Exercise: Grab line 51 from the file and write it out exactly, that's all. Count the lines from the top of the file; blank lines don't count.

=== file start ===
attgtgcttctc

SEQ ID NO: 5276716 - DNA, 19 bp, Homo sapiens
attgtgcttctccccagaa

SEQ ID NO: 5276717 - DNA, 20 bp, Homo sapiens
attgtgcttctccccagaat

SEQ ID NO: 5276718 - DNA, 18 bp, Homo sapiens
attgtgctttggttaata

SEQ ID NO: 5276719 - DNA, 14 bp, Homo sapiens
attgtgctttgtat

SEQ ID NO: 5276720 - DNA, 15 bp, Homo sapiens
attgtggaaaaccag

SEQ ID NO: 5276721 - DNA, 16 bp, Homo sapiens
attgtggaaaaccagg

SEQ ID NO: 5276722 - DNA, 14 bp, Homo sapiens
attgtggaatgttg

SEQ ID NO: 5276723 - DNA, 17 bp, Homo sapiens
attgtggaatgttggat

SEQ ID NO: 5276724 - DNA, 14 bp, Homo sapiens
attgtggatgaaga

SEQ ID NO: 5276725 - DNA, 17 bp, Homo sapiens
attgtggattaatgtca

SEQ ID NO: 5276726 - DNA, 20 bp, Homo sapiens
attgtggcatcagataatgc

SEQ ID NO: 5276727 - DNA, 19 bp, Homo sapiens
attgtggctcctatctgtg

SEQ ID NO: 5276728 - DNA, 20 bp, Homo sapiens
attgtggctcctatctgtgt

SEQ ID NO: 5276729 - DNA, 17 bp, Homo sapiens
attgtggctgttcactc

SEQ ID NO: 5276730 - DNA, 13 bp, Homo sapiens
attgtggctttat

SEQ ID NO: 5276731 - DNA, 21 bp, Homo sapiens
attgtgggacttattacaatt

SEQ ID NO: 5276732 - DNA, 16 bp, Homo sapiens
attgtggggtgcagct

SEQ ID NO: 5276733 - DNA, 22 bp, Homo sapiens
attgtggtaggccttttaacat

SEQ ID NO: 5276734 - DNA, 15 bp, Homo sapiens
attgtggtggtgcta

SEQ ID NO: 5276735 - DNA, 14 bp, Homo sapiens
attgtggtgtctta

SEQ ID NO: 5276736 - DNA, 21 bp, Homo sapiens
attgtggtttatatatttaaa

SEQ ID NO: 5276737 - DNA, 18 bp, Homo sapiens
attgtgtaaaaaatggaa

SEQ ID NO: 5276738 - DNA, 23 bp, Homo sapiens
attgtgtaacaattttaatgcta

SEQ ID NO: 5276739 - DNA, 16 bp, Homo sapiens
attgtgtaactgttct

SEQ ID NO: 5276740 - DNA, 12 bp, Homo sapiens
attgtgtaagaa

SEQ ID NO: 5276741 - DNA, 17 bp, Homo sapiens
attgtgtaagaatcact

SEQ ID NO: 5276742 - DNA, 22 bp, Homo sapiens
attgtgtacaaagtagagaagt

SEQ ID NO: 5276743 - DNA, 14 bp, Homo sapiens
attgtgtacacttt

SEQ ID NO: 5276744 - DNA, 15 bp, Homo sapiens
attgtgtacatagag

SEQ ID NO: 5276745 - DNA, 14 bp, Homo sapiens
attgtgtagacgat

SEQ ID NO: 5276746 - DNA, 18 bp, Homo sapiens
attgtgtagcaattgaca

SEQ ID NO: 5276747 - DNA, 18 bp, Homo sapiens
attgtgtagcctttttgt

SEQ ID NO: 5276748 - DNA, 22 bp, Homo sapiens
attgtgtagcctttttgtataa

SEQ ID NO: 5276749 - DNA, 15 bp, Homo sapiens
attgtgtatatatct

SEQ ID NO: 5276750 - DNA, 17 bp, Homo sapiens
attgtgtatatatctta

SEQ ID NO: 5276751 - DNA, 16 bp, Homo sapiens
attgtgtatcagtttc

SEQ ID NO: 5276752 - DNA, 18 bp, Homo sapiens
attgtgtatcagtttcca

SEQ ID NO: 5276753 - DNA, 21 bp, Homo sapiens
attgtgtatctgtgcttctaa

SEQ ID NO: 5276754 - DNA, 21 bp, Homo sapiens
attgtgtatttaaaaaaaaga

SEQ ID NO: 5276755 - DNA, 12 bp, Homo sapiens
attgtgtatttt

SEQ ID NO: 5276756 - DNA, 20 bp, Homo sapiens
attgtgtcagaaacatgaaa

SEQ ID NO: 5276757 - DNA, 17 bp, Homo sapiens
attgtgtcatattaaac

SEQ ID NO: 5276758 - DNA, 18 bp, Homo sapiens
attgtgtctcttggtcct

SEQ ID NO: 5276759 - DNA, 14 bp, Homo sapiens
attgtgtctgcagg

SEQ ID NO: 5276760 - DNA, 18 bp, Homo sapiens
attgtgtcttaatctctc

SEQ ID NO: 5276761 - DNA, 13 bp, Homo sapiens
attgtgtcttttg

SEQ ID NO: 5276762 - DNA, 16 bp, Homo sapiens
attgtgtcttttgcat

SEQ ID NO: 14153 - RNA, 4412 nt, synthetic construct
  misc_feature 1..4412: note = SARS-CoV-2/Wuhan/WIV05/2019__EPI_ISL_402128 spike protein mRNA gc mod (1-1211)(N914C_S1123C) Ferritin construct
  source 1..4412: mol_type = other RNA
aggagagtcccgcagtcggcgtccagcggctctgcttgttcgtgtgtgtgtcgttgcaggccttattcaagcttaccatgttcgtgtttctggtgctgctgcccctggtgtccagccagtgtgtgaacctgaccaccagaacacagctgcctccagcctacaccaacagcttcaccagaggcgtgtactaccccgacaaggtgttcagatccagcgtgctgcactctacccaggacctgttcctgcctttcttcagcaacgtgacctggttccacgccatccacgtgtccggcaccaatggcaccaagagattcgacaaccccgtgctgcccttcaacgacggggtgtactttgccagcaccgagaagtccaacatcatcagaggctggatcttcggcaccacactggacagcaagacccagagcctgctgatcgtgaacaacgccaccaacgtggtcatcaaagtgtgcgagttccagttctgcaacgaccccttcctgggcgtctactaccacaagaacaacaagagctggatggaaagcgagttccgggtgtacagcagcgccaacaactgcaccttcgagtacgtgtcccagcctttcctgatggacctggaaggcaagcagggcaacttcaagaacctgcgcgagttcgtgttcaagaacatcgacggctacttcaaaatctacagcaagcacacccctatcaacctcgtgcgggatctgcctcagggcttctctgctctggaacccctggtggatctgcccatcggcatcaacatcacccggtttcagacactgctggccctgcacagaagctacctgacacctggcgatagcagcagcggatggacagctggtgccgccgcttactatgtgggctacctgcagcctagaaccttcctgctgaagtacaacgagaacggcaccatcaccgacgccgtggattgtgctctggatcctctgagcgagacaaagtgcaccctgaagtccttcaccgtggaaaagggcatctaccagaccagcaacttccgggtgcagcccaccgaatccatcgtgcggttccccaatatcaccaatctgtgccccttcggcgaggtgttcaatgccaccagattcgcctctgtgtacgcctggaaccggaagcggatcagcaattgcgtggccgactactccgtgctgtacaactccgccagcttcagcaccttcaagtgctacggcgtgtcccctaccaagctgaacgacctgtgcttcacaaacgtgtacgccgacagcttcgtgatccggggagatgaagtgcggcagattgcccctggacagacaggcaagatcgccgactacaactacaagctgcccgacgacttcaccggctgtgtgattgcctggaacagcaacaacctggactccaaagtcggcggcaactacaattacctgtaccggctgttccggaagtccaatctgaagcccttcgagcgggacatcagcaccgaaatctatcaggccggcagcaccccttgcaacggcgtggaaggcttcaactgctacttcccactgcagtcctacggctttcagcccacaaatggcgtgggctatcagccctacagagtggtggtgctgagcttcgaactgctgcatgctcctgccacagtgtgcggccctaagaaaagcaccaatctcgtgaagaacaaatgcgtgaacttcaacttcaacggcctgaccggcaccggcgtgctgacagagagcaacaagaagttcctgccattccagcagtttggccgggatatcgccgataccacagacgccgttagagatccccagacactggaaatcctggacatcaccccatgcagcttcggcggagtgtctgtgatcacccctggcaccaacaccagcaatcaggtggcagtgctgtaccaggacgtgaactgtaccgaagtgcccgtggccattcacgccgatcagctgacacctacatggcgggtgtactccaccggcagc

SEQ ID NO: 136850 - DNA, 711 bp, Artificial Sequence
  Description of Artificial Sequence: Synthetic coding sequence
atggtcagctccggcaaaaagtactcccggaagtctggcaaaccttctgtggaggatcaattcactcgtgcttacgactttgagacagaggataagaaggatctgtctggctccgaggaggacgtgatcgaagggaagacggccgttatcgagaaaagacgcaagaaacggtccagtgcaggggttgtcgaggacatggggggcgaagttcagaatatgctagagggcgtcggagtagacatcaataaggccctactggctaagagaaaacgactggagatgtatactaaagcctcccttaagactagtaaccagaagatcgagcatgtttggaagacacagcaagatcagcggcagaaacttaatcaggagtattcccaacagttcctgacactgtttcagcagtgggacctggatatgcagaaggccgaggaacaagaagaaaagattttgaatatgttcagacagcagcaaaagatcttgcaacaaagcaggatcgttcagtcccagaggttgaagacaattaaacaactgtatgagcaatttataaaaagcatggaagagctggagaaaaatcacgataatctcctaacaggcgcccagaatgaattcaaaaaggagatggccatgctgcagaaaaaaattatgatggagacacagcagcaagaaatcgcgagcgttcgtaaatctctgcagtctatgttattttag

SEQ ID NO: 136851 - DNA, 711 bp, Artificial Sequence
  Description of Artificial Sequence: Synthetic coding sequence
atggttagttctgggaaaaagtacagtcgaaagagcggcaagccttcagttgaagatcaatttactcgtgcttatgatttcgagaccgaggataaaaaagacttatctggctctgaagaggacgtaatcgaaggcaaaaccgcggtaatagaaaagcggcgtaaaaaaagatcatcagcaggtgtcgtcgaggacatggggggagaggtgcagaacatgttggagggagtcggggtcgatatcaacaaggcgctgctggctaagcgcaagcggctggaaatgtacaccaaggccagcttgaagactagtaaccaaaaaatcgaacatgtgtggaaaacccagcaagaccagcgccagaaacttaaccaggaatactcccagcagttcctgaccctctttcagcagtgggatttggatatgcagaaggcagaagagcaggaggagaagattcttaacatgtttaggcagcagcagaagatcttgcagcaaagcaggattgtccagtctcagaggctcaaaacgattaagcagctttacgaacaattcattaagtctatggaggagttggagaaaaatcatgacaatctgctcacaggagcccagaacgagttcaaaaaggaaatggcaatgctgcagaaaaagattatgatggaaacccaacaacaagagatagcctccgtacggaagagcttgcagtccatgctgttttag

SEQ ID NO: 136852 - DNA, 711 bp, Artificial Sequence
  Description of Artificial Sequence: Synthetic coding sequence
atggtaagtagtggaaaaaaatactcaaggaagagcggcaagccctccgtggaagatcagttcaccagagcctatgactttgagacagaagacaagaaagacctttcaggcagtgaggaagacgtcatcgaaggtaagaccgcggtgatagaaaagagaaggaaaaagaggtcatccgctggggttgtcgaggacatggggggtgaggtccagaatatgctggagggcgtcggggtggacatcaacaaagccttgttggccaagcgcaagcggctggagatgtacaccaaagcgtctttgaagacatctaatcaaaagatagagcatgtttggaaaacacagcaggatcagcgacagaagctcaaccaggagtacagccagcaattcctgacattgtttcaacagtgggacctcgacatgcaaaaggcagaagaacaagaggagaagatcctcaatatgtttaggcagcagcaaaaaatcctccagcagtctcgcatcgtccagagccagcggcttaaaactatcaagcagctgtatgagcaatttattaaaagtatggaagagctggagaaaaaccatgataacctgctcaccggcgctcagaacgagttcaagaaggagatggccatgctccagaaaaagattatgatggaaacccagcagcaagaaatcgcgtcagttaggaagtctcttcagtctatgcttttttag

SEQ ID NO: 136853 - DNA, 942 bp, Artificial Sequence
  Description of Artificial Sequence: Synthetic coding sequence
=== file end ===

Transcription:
attgtgtaagaa